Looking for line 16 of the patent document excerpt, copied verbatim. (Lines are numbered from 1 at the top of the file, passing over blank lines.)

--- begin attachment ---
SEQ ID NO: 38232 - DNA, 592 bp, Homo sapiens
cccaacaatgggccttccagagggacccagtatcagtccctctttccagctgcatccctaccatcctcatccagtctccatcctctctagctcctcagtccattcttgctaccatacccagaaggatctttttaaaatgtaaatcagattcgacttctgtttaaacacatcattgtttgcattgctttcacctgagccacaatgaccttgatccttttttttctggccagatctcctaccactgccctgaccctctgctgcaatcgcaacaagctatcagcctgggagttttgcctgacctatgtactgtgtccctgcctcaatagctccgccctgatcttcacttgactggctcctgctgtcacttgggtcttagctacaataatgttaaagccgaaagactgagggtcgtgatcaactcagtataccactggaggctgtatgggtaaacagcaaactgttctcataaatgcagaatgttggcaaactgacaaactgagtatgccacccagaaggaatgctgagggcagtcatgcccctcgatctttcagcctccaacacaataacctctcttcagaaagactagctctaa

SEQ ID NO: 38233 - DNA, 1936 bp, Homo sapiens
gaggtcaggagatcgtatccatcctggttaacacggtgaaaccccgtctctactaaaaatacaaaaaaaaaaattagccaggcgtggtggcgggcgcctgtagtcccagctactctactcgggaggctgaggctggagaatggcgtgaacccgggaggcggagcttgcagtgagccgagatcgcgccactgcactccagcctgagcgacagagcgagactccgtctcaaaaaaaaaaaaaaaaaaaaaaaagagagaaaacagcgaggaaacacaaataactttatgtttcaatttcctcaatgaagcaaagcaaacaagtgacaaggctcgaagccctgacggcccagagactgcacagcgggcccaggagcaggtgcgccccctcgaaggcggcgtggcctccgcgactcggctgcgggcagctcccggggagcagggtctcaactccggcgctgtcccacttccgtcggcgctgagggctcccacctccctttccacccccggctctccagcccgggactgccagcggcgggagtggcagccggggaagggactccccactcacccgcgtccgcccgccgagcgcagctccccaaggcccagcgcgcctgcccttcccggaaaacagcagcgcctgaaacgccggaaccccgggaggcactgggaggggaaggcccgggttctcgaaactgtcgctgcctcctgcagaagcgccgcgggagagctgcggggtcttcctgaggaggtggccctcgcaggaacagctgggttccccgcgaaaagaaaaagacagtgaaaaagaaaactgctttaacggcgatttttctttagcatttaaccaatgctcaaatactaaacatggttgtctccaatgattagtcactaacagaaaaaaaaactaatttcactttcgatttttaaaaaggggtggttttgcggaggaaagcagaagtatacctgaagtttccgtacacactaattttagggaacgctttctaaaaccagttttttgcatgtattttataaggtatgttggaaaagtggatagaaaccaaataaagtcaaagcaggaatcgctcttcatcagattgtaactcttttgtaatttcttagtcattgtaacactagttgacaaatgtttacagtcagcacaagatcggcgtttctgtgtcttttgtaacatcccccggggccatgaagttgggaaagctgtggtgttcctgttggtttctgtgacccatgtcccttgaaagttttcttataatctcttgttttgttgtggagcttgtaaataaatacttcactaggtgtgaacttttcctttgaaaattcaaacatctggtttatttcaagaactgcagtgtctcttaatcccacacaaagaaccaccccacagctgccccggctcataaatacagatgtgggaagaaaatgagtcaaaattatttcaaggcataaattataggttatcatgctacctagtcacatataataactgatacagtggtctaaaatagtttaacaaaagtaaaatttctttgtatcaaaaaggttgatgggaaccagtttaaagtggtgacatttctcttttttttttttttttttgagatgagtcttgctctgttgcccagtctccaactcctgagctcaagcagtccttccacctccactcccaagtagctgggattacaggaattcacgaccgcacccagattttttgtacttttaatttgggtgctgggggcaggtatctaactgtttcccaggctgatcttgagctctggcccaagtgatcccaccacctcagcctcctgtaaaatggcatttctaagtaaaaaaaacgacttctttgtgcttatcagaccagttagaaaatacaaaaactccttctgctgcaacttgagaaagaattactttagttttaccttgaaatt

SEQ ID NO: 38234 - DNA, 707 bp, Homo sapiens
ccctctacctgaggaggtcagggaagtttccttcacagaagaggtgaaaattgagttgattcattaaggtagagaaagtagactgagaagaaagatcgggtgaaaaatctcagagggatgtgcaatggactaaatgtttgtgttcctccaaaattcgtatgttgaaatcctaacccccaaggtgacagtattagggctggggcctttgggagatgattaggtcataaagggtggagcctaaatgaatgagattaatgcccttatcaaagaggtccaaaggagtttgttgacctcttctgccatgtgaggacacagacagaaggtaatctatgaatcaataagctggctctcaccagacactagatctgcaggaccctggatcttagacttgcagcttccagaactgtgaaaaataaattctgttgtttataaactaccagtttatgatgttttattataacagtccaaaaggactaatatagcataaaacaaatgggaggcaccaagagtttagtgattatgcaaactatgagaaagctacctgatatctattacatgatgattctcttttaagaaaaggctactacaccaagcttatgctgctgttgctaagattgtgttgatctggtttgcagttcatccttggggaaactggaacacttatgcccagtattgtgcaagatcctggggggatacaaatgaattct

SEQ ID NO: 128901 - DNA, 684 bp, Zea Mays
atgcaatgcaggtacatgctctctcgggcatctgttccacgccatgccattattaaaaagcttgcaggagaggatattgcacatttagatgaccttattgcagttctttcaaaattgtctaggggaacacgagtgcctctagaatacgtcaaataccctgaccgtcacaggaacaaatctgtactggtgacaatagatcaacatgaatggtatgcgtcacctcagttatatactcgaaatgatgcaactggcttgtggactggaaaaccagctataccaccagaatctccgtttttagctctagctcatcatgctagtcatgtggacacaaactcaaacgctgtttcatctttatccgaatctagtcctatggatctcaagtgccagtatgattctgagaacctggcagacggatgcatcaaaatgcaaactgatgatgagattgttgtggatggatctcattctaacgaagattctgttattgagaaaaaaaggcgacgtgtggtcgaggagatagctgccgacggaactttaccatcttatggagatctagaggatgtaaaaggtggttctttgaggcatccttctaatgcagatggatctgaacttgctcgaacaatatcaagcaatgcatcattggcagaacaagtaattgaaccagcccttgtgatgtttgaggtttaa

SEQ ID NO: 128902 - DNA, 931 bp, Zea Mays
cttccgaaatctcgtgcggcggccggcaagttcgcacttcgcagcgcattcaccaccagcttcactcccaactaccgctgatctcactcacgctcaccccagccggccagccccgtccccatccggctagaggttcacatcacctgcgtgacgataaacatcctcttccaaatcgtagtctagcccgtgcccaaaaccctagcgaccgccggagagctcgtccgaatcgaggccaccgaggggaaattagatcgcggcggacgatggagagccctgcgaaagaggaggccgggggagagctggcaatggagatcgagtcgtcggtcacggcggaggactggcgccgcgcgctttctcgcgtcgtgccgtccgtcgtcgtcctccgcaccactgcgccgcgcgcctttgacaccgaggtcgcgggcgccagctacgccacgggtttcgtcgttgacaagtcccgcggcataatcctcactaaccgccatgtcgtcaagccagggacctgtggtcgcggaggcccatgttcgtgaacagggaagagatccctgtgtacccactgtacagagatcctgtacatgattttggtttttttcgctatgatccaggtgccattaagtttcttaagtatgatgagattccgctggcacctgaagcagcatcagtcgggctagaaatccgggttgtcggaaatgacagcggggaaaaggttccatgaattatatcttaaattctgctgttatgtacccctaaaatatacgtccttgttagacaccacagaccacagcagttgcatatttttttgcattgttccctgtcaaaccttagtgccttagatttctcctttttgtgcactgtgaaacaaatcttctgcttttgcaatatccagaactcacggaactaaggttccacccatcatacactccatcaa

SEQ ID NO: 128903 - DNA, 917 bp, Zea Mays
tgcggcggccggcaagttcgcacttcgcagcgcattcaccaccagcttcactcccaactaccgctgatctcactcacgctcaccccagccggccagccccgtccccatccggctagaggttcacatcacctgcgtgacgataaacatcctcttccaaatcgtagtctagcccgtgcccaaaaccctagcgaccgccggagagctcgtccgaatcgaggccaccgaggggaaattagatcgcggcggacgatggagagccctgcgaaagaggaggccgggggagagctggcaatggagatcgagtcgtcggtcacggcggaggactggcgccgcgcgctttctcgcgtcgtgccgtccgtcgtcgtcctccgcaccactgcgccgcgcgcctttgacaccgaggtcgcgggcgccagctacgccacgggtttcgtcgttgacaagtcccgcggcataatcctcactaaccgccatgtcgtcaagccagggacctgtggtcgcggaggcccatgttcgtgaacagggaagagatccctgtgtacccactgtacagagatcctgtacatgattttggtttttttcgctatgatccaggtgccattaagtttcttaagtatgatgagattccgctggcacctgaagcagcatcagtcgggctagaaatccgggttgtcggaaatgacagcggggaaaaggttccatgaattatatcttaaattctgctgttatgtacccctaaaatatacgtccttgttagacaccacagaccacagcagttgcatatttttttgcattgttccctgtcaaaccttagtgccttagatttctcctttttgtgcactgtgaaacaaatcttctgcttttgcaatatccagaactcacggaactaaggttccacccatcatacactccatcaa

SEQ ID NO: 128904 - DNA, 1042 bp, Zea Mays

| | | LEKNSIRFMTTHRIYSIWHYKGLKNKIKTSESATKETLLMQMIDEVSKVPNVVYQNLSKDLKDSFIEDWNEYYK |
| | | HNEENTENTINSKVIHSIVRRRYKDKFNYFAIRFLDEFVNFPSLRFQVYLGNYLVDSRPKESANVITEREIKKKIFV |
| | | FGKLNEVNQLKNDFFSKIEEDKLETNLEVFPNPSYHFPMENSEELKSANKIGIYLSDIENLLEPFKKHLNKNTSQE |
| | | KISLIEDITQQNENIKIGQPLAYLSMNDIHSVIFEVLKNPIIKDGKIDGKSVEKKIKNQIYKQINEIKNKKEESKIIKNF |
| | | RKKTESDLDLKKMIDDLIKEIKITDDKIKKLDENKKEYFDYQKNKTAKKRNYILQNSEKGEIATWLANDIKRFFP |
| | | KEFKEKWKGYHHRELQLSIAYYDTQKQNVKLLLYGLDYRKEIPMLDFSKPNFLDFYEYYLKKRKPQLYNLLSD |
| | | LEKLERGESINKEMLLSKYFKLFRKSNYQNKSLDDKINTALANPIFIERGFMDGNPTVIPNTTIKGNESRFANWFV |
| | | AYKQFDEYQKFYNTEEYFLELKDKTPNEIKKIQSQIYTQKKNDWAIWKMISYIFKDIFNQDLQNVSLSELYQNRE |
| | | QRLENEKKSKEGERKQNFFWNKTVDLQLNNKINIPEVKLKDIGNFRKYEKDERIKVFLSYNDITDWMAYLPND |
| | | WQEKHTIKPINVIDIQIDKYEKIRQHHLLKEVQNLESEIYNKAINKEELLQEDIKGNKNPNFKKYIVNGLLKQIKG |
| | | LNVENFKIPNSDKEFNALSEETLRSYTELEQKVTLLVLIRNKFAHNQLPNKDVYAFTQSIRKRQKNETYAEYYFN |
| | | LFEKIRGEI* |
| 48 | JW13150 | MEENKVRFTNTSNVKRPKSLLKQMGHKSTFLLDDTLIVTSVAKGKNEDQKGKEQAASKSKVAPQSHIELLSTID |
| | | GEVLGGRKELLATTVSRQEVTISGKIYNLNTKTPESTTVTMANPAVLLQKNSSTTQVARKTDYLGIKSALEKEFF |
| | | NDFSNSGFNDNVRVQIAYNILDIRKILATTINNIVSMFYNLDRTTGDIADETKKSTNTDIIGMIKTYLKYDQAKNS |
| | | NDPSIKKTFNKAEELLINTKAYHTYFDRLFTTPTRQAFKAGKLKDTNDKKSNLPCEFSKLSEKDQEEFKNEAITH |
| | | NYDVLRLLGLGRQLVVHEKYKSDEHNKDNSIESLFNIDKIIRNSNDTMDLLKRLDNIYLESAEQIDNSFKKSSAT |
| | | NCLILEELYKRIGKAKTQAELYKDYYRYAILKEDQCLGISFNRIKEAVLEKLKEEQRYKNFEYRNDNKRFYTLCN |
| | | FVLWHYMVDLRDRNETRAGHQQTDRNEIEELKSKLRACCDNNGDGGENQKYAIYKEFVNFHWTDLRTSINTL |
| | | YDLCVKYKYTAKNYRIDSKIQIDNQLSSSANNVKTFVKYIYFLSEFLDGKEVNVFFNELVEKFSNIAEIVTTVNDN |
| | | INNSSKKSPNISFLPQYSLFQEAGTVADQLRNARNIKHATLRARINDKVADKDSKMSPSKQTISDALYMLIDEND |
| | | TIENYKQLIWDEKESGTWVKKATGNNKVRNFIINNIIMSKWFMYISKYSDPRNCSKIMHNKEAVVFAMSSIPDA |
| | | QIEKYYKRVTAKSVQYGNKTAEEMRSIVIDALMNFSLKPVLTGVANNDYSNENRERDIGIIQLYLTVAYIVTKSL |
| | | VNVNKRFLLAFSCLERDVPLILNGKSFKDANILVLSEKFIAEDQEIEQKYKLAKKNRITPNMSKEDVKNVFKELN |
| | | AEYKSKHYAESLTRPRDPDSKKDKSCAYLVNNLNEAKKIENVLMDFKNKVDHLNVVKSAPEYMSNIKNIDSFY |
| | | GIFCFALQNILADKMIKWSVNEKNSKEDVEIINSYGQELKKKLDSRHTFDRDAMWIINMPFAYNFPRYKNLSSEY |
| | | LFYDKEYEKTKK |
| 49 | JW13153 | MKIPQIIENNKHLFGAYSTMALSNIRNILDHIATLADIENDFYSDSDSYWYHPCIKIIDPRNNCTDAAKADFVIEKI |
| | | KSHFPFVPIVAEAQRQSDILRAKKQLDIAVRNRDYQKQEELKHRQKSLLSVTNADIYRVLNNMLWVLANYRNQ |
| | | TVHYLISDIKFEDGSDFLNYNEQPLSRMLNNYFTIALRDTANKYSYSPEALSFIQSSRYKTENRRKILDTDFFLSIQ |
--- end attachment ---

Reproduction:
| | | FGKLNEVNQLKNDFFSKIEEDKLETNLEVFPNPSYHFPMENSEELKSANKIGIYLSDIENLLEPFKKHLNKNTSQE |